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General Electric Electronics Park

In 1947, General Electric (GE) constructed the headquarters for its electronics division, Electronics Park, in Liverpool, New York. Electronics Park consisted of nine buildings on 155 acres. In Building 5, GE manufactured consumer electronics, including televisions and radios. In Building 7, radar and sonar equipment was manufactured for the United States military. In numerous other buildings at Electronics Park, GE manufactured specialty products, such as fax machines and navigation systems. During its peak production years, GE employed nearly 19,000 people at Electronics Park. In 1980, General Electric ceased manufacturing consumer electronics at Electronics Park, and in 1992, GE sold the facility to Martin Marietta.

Asbestos was incorporated into dozens of materials used in the maintenance and upkeep of the buildings located at Electronics Park, including block insulation, pipe covering and insulating cement. Workers who applied and maintained asbestos-containing materials are at risk for developing mesothelioma or lung cancer.

The powerhouse was located in Building 10 at Electronics Park. It contained three boilers that supplied steam to all buildings on-site. Steam was utilized to heat buildings and during the manufacturing process. In order to maintain a stable internal temperature in the steam system, asbestos-containing insulation was applied to pipes, boilers, pumps, valves and other equipment. During maintenance and repair procedures, workers removed the insulation to gain access to the equipment. When maintenance or repair procedures were completed, new insulation was applied. Removing and applying insulation to equipment in the steam system caused asbestos dust and fibers to become airborne, which workers inhaled.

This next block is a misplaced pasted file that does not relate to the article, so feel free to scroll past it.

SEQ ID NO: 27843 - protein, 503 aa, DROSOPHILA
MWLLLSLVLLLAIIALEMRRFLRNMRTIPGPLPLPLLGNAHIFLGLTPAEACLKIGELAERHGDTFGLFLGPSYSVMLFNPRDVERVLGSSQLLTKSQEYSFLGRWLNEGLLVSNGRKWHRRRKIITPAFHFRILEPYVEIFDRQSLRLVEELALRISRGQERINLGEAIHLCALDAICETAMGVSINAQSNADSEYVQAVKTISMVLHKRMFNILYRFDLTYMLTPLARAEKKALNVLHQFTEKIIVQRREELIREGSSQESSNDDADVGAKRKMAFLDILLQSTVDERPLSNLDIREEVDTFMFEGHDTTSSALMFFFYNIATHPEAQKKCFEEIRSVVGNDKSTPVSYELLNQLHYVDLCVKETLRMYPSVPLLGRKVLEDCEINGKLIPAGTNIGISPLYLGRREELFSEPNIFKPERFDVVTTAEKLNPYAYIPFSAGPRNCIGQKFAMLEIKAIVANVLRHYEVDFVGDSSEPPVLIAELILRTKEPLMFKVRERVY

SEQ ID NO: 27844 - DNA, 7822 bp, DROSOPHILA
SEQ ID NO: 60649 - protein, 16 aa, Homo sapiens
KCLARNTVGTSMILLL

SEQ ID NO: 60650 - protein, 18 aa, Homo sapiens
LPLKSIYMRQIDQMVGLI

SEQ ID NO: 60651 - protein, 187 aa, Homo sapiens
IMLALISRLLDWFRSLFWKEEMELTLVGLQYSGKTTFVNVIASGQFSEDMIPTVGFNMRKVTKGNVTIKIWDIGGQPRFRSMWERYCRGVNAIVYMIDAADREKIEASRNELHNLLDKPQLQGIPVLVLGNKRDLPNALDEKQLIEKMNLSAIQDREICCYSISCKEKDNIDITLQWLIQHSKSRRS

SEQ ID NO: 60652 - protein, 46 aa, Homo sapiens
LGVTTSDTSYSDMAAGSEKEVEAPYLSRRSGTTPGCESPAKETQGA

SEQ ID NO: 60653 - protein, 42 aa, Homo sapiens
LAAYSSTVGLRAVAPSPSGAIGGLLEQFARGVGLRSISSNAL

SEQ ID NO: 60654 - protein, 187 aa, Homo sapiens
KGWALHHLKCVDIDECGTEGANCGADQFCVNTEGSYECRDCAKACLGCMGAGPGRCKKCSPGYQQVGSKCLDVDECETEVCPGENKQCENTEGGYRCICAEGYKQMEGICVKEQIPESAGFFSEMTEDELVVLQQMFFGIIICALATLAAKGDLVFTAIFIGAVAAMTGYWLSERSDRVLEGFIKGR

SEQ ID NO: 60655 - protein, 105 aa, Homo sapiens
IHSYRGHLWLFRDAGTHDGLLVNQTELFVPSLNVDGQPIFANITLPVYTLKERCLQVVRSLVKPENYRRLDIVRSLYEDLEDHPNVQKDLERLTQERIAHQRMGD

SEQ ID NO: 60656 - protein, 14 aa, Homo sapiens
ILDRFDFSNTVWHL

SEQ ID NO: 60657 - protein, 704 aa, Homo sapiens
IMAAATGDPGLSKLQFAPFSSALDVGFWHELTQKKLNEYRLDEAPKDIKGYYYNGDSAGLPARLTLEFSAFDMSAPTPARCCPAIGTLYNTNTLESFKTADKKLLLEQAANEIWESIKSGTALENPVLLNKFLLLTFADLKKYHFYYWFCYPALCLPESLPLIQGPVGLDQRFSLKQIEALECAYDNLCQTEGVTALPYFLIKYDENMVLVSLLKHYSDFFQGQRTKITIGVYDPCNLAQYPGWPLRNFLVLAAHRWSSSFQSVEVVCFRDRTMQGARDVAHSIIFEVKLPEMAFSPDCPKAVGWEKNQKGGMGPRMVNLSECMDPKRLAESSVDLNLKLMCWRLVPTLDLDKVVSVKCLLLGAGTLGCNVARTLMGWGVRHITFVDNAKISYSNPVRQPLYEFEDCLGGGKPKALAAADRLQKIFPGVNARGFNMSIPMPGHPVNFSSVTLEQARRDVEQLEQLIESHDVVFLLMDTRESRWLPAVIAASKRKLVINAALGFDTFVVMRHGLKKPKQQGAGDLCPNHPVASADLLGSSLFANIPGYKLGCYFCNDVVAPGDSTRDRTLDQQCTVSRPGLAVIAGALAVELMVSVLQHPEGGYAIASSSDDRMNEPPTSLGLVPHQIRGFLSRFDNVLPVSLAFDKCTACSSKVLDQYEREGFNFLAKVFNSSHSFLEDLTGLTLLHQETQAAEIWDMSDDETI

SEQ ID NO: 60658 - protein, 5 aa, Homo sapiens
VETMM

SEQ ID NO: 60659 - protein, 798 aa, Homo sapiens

Cathode ray tubes (CRTs) for television sets were manufactured in Building 5. Electric ovens used during the CRT manufacturing process were covered in asbestos-containing block insulation and insulating cement. Workers removed the asbestos-containing insulation in order to access the ovens for maintenance or repair. New insulation was applied after the maintenance or repair procedure was complete. Applying and removing block insulation and insulating cement to the ovens emitted asbestos dust and fibers into the air, which was inhaled by nearby workers.

Our clients understand the importance of securing legal representation as soon as possible after a diagnosis of mesothelioma or lung cancer. If you or a loved one once worked at General Electric Electronics Park in Liverpool, New York, and have been diagnosed with mesothelioma or lung cancer, we urge you to contact us regarding your legal rights.